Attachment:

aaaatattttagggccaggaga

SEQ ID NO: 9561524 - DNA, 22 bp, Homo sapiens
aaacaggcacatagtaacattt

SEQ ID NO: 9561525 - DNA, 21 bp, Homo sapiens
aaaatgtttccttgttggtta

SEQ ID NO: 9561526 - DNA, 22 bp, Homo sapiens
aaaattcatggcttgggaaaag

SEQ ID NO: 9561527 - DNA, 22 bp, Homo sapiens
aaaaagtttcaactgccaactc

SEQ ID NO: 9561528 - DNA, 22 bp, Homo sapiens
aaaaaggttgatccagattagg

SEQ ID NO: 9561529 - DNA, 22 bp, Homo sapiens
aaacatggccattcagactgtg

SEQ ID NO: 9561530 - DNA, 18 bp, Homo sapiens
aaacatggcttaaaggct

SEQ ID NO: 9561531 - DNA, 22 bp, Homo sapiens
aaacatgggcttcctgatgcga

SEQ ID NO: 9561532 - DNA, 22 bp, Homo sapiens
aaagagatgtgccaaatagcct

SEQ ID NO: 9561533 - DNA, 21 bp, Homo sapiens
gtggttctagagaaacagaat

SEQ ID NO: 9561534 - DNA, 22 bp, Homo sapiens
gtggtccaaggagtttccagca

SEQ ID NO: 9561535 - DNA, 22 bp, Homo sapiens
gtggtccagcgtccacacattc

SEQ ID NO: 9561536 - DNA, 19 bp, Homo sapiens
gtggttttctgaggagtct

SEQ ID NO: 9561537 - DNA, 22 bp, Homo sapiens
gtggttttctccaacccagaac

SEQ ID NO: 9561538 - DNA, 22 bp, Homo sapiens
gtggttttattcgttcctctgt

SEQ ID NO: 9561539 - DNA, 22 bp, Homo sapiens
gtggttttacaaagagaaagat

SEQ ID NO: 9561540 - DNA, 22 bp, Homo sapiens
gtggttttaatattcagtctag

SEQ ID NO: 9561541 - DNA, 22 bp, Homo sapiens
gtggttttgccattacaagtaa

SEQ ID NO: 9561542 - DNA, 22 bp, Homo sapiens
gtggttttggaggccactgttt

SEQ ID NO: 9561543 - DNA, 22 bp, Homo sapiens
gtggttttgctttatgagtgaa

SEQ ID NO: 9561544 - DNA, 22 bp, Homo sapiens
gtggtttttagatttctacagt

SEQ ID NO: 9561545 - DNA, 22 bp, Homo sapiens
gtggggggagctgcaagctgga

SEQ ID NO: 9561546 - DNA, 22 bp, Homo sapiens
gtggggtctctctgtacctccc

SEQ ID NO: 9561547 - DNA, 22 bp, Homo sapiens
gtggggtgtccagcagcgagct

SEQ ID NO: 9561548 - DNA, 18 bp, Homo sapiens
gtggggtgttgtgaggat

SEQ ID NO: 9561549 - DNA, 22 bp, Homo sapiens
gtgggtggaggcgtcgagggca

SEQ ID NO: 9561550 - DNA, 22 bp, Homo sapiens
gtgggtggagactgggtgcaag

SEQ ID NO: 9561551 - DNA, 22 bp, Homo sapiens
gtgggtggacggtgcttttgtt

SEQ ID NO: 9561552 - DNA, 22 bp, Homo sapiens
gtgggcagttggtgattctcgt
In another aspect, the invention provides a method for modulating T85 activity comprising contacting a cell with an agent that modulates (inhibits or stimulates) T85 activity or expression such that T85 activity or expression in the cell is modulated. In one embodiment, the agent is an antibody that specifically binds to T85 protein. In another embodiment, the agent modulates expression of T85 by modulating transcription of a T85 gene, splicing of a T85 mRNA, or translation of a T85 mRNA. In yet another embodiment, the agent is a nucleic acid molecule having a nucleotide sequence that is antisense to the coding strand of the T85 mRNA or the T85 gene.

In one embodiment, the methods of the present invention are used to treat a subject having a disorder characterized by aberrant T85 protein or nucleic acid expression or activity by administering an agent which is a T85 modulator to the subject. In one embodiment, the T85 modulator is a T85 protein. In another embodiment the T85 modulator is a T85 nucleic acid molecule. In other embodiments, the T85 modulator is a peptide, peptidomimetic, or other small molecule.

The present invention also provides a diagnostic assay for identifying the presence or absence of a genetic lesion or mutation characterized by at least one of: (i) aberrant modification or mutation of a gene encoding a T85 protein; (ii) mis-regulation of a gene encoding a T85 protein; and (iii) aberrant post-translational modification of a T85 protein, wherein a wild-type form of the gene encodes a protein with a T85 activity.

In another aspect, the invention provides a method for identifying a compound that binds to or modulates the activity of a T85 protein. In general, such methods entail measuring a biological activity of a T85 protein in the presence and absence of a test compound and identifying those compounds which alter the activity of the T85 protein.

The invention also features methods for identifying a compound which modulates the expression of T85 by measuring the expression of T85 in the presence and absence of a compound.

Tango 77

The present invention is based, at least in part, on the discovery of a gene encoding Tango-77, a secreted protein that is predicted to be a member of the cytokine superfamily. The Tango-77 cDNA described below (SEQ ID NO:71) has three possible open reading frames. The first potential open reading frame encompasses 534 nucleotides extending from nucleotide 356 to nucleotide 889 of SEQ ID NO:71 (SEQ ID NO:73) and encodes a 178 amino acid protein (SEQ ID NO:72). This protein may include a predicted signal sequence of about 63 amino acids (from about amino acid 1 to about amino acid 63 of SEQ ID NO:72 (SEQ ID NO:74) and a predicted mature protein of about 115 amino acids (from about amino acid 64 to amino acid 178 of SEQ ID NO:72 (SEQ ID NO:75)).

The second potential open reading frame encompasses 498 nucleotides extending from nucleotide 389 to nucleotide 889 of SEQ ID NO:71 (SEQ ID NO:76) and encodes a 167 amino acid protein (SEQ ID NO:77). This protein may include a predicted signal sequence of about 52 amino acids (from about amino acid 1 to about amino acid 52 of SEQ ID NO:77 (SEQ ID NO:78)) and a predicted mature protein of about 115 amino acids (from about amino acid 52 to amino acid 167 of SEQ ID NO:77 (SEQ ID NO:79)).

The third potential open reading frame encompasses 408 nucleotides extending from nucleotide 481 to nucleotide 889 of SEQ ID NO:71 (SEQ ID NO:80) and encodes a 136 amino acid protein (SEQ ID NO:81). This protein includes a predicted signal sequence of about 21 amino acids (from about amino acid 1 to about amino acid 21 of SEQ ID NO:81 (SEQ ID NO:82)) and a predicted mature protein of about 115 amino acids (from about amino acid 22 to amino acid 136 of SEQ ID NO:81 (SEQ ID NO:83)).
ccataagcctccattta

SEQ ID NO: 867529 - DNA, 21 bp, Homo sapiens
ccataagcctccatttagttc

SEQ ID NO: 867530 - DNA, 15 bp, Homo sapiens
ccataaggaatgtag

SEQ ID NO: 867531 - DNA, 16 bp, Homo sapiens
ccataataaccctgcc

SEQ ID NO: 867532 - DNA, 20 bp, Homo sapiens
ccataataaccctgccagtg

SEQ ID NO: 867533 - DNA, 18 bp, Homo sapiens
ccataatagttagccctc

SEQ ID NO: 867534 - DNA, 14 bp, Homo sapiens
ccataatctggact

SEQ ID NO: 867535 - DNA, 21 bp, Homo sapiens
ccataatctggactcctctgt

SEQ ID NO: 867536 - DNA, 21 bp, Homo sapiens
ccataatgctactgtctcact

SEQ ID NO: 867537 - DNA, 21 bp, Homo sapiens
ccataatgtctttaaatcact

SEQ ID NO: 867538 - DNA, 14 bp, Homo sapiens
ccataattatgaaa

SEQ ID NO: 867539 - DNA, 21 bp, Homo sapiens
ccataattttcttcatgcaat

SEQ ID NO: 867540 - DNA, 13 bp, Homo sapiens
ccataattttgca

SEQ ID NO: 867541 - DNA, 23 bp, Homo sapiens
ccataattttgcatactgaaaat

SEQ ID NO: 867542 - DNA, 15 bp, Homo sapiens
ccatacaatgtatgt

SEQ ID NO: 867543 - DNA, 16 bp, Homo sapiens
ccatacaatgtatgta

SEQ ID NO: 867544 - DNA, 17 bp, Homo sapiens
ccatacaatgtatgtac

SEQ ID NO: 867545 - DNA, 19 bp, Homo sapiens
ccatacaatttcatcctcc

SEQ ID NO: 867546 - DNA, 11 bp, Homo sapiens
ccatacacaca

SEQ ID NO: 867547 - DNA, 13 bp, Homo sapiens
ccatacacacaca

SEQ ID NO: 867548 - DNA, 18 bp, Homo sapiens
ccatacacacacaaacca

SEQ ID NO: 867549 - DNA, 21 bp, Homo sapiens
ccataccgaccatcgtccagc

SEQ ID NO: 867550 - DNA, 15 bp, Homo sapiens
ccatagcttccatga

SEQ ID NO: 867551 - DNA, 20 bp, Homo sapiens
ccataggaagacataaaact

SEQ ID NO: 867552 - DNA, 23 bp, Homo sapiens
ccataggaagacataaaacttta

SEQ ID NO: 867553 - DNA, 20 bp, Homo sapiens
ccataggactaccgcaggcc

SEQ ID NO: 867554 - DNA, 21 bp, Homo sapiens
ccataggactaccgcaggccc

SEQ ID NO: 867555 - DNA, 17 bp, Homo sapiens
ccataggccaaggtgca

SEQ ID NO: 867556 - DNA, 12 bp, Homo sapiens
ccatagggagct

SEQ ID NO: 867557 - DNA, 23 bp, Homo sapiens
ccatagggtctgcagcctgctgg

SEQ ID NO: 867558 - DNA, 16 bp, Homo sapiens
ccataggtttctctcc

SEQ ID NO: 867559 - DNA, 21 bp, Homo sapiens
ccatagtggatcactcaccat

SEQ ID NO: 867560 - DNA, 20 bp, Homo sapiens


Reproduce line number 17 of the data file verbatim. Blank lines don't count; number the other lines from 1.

aaacatgggcttcctgatgcga